The failure of education system in Kashmir and elsewhere in India has forced the Government of India to fund “madrassas”, which many liberals would describe as centres of indoctrination, so as to leverage their grassroots influence and outreach even in remote areas. Rather than spending on Sufi propaganda and madrassas the MHRD would do well to strengthen the state’s own educational system and focus on producing well-equipped, unbiased and free-thinking individuals.

Another problem with such Sufi propaganda is that it is based on the deeply flawed assumption that every Sufi is a modern, outgoing, liberal person (and probably that every Wahabi is a terrorist). Pakistani Muslims are deeply critical of Sufi Muslims in this part of Kashmir because of their faith in saints, stones and shrines. My American friend describes such “Sufi” practices as deeply ignorant and illiterate and “non shrine-going” puritanical Islam as more spiritual and modern! These conflicting views on Sufism do not even constitute a paradox- they result quite simply from lack of nuance. However, when you’re dealing with something as sensitive as Islam and something as volatile as Kashmir, you better be nuanced.

I have heard people making statements such as “In Kashmir and in Sufism, lies the hope for a peaceful world”. Such utopian assumptions are based on the flawed assumption that Sufis are modern, peace-loving, docile and other sects are probably more militant in nature. This, however, is not true. In Kashmir, people were never pitted against one another as Wahabis, Sufis, Ahmedis and Shias- all Kashmiris stood together against injustice, even Sikhs and a few Pandits stood them by. As part of a conspiracy to break this very unity, a few state sponsored elements are trying to create a rift where there exists none! Quite recently, the Carvaan-e-Islami, a movement of aetiqadis (shrine going Muslims), had to publicly distance itself from any government patronage and vowed their support to Kashmir’s freedom movement. Indian liberal Muslims, however, have failed to speak up for Kashmir because they fear that Kashmir is a problem of religious fanaticism. This over-simplification of Kashmir as a problem of extremism and the simplistic assumption that Sufism is the answer to the same is laughable, yet dangerous state policy.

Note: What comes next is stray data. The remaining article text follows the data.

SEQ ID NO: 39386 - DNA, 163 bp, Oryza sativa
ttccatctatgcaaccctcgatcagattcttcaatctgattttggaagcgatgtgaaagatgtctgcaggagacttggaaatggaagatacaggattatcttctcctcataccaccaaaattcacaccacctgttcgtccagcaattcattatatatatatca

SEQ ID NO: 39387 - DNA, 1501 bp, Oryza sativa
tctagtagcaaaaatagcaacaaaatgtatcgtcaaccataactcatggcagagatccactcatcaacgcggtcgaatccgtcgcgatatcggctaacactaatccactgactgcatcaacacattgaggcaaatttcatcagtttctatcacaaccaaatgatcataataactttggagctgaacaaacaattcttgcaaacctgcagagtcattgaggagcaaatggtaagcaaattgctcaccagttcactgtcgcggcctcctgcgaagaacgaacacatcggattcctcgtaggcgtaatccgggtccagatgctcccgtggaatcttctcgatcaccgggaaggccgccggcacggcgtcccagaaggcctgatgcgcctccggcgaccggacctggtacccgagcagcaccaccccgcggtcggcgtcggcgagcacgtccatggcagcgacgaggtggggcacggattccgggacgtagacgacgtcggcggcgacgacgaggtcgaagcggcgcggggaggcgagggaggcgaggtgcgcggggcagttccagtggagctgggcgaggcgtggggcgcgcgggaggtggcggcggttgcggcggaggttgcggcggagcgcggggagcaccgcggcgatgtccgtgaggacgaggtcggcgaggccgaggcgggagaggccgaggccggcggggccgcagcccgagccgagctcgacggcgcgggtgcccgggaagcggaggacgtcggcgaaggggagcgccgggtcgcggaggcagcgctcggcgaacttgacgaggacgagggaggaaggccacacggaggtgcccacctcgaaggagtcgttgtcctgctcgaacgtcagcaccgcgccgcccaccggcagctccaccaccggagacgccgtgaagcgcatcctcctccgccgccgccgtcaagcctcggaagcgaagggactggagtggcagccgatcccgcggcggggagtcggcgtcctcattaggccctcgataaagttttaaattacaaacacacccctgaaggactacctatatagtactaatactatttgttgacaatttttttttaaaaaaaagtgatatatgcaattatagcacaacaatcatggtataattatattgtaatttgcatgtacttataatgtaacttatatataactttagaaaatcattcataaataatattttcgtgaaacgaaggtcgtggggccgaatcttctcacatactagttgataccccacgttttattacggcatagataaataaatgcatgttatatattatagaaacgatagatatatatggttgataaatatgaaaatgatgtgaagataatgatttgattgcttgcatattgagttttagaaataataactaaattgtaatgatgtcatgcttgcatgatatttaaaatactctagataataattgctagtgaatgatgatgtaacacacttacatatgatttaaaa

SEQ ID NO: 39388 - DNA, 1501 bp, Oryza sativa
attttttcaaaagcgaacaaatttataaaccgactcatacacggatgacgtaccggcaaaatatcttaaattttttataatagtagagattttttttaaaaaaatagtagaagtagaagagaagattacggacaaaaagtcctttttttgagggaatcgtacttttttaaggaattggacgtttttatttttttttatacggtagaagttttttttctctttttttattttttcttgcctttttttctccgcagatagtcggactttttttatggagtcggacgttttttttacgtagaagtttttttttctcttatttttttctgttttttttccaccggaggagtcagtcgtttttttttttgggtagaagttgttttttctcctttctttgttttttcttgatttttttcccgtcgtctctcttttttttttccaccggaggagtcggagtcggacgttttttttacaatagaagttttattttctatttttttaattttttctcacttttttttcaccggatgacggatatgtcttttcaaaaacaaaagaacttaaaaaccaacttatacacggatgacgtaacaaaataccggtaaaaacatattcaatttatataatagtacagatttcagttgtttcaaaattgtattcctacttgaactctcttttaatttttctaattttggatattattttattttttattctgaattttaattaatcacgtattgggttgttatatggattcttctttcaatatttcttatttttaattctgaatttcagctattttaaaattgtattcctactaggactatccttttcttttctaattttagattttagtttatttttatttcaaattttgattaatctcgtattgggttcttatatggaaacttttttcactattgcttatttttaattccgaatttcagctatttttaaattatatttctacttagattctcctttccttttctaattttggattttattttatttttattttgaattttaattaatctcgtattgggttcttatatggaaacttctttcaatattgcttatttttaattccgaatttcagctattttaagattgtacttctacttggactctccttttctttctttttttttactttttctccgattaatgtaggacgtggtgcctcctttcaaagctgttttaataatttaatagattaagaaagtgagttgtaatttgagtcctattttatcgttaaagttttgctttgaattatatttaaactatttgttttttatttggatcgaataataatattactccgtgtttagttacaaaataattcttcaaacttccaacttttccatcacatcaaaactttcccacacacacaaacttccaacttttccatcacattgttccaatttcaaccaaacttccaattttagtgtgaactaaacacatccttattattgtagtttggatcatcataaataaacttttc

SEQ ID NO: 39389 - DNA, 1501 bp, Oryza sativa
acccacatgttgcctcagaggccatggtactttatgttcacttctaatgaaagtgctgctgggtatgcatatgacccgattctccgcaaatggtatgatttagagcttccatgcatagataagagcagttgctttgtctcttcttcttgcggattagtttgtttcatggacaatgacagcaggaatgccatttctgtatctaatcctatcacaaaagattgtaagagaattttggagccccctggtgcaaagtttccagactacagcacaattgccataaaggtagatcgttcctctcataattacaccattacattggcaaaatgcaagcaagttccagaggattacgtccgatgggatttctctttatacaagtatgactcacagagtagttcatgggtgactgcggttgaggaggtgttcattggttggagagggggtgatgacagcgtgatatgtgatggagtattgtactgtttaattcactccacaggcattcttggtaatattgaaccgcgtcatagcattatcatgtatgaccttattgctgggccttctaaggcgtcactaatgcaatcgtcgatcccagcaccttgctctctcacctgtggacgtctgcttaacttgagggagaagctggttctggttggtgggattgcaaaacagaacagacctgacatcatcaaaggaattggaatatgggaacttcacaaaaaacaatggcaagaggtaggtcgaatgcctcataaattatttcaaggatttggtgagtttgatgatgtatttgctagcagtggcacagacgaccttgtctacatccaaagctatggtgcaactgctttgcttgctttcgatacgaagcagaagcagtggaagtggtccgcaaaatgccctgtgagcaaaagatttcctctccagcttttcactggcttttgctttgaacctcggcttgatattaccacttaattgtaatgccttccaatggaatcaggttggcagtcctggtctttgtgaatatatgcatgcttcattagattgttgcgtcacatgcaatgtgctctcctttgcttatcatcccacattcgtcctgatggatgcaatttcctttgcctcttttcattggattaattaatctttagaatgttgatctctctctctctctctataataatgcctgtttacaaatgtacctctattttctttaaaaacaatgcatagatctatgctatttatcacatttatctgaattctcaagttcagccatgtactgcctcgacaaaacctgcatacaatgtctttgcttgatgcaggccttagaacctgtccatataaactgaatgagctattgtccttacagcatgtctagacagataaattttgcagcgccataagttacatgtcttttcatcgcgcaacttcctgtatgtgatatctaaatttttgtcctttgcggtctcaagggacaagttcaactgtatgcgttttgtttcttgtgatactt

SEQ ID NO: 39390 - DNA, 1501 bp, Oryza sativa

Renovating Sufi shrines and funding Sufi propaganda with the intention of breaking the unity of Kashmiris and pitting people against one another will not solve the Kashmir issue- even though I’m not suggesting that anybody wants it solved. The government has no business trying to water down or enhance people’s faith; it will serve no purpose because people, even many Kashmiri Pandits, favoured independent status for Kashmir when there was little or no religious extremism. Religious extremism cannot be forced upon the people of Kashmir as such attempts have failed in the past. At the same time, various sects were never at war with one another, either politically or ideologically. By creating the stereotype of a “pro-India, peaceful, modern Sufi” the average shrine-going Kashmiri Muslim is now being pitted against all other Kashmiri Muslims. Is this the groundwork for another Fatwa declaring Sufis as non-Muslim?

(Shehla Rashid is a Kashmiri, a woman and a researcher/writer in that order. Contact: shehlarashid.com)